I fall in with those who think that Waxman-Markey is unfortunately watered down and doesn't get us to where we need to be, but it is better than doing nothing so I grudgingly support it, and I worry about it will look like after it goes through the Senate.
My problem with Manzi is that the economic argument is not the right way to talk about climate change. As Nate Silver pointed out, you can eliminate millions upon millions of people and only have a 5% drop in GDP, if you just take out poor countries. What is the value of having polar bears on the planet? Or any of the thousands of other species that could be wiped out if the climate were to change? Or abandoning New Orleans completely if sea levels keep rising? To me, Manzi is simply being a contrarian while ignoring the dire state that the planet is currently in:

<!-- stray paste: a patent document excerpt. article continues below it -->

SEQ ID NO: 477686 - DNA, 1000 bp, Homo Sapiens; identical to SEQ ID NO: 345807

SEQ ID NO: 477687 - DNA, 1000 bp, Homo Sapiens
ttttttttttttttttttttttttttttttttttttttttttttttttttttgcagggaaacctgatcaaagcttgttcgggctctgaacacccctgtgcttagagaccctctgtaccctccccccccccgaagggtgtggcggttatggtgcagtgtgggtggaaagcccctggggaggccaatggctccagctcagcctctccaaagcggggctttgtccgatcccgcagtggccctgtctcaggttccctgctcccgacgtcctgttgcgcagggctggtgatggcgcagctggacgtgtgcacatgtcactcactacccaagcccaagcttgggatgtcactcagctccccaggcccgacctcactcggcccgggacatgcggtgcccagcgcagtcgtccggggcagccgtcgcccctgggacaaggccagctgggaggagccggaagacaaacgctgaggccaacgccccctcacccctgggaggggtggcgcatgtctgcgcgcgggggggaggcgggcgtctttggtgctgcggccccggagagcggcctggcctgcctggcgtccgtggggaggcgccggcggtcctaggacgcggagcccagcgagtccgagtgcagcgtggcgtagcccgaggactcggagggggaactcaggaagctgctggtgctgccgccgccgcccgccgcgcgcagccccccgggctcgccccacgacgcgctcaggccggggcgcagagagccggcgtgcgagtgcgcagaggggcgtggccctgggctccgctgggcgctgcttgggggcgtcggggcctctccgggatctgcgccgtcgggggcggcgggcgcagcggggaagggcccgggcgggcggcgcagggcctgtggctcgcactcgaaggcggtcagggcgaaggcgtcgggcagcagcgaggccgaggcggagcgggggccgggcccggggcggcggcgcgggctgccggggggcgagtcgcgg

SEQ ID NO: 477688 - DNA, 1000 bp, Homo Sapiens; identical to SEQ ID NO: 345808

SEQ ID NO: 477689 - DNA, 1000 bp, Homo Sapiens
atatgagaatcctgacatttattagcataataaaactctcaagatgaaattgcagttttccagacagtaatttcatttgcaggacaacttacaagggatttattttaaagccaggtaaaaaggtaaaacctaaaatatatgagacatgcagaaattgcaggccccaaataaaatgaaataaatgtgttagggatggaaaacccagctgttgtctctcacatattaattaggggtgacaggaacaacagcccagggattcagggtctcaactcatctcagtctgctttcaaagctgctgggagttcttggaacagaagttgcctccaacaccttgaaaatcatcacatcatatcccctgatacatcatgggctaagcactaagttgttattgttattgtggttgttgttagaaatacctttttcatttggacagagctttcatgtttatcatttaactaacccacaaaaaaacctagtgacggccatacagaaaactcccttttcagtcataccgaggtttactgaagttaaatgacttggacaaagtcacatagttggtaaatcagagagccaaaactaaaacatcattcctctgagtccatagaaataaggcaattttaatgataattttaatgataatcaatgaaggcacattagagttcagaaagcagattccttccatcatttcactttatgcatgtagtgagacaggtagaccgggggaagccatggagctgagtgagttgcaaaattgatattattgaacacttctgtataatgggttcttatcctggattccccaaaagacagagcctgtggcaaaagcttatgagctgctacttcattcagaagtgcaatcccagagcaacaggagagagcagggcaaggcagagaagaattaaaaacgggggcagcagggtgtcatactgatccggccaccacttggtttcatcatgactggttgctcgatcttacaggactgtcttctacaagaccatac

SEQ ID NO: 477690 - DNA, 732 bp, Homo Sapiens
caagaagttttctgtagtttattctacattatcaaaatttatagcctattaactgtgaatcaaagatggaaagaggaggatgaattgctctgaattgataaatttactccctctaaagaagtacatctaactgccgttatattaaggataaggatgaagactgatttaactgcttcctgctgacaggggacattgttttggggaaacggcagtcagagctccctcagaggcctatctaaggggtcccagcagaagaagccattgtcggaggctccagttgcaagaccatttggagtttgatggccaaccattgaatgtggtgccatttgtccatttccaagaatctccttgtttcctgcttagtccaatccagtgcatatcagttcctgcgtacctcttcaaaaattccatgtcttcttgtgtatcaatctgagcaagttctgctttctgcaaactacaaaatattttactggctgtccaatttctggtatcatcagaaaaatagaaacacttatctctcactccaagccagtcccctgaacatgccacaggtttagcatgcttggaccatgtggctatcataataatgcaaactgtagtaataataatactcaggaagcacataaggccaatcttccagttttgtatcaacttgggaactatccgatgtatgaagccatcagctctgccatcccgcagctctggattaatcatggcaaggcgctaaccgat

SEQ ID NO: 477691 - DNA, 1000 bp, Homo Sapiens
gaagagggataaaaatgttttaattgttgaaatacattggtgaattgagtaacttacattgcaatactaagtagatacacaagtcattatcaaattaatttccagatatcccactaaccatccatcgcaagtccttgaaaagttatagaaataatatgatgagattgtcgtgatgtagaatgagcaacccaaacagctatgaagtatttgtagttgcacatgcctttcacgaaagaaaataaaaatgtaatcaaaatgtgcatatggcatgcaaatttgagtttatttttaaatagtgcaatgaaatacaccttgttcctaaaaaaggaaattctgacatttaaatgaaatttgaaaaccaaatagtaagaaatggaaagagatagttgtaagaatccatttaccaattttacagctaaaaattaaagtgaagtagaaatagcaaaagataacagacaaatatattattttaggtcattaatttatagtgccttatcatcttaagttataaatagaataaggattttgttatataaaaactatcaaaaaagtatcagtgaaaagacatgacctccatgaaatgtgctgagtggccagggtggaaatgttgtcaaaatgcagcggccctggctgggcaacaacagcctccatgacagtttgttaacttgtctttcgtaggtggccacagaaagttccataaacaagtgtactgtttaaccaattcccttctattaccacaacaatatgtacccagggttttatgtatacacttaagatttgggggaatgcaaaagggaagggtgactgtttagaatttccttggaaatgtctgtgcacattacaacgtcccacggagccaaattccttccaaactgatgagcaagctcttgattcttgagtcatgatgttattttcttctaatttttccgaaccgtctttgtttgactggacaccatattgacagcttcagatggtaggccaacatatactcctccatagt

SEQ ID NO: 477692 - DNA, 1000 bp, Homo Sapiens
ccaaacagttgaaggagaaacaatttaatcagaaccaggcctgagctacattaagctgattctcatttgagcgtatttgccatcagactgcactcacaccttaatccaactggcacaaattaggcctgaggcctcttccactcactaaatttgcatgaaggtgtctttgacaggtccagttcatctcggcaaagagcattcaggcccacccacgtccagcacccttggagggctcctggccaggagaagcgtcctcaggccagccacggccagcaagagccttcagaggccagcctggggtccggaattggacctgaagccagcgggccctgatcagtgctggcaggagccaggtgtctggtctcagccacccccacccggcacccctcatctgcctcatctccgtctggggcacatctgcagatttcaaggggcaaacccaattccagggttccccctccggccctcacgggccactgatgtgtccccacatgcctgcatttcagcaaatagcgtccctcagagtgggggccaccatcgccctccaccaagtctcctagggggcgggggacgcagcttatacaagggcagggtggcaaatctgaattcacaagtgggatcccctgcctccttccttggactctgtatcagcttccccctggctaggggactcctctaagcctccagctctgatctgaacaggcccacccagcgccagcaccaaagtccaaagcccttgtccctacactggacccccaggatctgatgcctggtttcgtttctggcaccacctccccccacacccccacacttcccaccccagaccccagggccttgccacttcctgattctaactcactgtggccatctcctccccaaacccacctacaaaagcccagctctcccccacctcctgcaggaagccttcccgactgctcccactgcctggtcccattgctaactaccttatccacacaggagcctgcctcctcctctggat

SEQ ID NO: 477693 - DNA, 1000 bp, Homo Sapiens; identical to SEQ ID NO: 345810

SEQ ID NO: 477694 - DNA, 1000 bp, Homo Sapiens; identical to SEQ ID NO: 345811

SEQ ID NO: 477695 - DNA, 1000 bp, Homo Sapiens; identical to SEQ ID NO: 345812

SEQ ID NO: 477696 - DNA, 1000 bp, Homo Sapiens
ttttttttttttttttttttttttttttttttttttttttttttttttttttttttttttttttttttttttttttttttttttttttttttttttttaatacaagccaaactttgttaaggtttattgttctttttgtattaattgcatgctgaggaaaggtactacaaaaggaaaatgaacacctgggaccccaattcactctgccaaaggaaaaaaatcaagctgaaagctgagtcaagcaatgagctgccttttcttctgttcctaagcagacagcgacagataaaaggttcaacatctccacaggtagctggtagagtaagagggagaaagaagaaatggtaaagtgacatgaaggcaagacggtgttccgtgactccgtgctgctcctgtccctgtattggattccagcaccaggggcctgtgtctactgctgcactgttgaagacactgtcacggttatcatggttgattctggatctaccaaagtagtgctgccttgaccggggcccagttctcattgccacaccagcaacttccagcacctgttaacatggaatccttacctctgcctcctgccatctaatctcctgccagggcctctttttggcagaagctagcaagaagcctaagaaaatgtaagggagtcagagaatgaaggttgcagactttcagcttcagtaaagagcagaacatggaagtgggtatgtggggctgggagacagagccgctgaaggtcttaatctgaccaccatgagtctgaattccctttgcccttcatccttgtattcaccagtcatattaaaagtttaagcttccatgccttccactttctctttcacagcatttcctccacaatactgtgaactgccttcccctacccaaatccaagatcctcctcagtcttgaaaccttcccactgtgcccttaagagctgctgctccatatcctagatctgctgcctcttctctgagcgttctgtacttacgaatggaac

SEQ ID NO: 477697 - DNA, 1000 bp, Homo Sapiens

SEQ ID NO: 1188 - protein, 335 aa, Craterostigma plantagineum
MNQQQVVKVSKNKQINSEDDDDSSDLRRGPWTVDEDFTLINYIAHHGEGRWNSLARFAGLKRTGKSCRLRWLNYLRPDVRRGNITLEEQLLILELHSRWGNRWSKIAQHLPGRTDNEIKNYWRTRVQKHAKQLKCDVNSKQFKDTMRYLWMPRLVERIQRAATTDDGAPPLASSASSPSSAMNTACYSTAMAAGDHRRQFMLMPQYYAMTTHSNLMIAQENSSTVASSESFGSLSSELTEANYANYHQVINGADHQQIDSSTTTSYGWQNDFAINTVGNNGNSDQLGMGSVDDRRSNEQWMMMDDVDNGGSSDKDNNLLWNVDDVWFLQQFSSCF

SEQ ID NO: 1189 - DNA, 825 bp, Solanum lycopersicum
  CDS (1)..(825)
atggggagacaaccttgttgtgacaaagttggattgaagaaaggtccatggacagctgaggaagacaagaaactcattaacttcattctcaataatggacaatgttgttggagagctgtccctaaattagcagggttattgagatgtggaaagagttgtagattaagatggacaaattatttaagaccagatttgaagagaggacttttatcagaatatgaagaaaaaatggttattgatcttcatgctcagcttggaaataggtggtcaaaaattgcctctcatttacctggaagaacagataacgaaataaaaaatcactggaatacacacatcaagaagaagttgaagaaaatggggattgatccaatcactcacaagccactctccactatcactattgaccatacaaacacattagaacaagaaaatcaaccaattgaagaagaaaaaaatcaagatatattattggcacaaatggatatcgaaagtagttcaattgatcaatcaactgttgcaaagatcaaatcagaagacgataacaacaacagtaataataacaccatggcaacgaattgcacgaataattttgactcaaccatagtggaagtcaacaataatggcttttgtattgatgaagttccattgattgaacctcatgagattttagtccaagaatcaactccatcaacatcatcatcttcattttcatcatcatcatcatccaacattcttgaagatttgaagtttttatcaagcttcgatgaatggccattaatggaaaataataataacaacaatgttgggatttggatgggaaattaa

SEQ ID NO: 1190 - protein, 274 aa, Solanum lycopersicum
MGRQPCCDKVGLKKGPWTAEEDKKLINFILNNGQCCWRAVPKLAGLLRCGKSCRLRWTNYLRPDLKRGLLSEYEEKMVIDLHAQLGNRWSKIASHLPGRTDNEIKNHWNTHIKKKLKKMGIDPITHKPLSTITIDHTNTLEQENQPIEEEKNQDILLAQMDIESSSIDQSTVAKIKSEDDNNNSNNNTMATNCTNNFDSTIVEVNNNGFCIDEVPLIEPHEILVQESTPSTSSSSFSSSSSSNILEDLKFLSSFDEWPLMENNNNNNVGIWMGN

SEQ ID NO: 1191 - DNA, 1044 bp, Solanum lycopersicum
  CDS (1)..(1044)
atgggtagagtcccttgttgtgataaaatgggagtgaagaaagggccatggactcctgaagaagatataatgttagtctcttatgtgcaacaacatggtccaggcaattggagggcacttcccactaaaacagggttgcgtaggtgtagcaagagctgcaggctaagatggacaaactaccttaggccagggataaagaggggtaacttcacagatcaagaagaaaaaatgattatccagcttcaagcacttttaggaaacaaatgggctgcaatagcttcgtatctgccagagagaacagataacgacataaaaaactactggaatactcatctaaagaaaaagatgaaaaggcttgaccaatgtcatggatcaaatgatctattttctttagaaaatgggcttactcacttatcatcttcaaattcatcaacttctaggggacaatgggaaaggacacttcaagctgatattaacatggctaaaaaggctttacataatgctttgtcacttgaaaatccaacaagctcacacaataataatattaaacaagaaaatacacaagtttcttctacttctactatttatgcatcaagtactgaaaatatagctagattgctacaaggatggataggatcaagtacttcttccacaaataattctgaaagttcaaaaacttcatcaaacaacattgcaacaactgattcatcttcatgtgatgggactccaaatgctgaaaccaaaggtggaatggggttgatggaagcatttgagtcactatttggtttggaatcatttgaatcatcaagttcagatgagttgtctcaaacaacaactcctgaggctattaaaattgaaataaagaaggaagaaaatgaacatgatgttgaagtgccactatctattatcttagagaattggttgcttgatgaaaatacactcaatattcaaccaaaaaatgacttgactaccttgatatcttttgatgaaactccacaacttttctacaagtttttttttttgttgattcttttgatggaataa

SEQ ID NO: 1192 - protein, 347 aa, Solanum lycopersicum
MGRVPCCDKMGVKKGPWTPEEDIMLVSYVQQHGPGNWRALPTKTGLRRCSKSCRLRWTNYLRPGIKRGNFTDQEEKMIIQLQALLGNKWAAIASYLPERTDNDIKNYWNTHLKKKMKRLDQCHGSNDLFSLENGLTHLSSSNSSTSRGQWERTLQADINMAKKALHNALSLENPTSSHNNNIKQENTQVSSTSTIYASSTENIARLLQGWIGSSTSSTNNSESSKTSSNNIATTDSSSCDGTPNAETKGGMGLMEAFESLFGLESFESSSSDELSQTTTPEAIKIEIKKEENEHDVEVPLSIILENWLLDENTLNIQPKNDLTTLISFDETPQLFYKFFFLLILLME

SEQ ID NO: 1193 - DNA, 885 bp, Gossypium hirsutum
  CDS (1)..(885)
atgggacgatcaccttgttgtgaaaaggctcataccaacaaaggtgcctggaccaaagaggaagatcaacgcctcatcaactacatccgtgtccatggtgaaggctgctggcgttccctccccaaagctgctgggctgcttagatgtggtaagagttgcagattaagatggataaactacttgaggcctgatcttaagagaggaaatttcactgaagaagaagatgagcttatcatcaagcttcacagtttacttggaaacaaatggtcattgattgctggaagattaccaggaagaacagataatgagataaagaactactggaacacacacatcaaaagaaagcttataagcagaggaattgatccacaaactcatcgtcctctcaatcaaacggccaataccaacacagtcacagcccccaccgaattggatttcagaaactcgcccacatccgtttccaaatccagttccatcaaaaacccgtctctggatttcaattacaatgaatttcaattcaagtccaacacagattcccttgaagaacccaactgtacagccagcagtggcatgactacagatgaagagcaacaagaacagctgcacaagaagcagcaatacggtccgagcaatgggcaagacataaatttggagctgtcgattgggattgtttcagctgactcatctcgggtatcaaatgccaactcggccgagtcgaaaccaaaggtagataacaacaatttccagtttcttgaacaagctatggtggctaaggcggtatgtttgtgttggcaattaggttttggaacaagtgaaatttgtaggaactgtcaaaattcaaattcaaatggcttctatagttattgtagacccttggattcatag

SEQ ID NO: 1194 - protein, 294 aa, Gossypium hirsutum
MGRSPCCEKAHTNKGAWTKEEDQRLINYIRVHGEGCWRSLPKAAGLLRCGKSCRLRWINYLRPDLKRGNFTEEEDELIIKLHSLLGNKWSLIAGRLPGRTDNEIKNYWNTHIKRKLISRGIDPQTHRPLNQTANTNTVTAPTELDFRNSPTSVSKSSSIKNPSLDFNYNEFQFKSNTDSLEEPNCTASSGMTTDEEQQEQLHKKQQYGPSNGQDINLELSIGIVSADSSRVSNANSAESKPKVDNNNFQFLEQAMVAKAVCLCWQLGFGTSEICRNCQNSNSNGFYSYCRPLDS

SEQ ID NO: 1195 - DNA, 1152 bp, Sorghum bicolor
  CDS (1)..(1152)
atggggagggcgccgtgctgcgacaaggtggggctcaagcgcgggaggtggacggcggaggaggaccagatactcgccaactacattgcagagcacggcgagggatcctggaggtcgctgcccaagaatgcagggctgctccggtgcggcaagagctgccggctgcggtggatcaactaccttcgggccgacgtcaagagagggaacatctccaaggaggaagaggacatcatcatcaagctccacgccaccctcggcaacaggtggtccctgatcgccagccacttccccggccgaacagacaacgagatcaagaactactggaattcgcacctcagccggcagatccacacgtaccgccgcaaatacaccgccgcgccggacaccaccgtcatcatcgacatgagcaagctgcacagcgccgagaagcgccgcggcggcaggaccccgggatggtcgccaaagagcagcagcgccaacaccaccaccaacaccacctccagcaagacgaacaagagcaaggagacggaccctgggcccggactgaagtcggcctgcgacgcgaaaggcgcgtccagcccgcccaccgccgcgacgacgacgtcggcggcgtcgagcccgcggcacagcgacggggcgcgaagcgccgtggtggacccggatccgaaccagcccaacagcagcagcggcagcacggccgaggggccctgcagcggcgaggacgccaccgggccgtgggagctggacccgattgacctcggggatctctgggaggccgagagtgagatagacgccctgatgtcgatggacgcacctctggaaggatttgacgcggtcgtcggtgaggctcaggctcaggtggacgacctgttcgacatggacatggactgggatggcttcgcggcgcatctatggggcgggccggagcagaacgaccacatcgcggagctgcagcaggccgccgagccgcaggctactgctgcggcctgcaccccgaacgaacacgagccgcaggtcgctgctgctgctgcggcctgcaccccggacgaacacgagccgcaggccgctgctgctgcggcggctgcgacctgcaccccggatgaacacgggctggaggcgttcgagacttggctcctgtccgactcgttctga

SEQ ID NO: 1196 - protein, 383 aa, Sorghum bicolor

Further, I get the point that indefinite accumulations of CO2 in the atmosphere will eventually become very damaging.
This statement is far too blase. We're already in the curve of the hockey stick and things will only accelerate. This is not an issue of "eventually." You can't price inhabitable conditions on the one planet we have. Sure, you can do the cost-benefit analysis about various means to an end -- for example, figuring out that ethanol from corn is actually a horrible way of trying to make alternative energy. But to come to the conclusion that we should do nothing is just idiotic.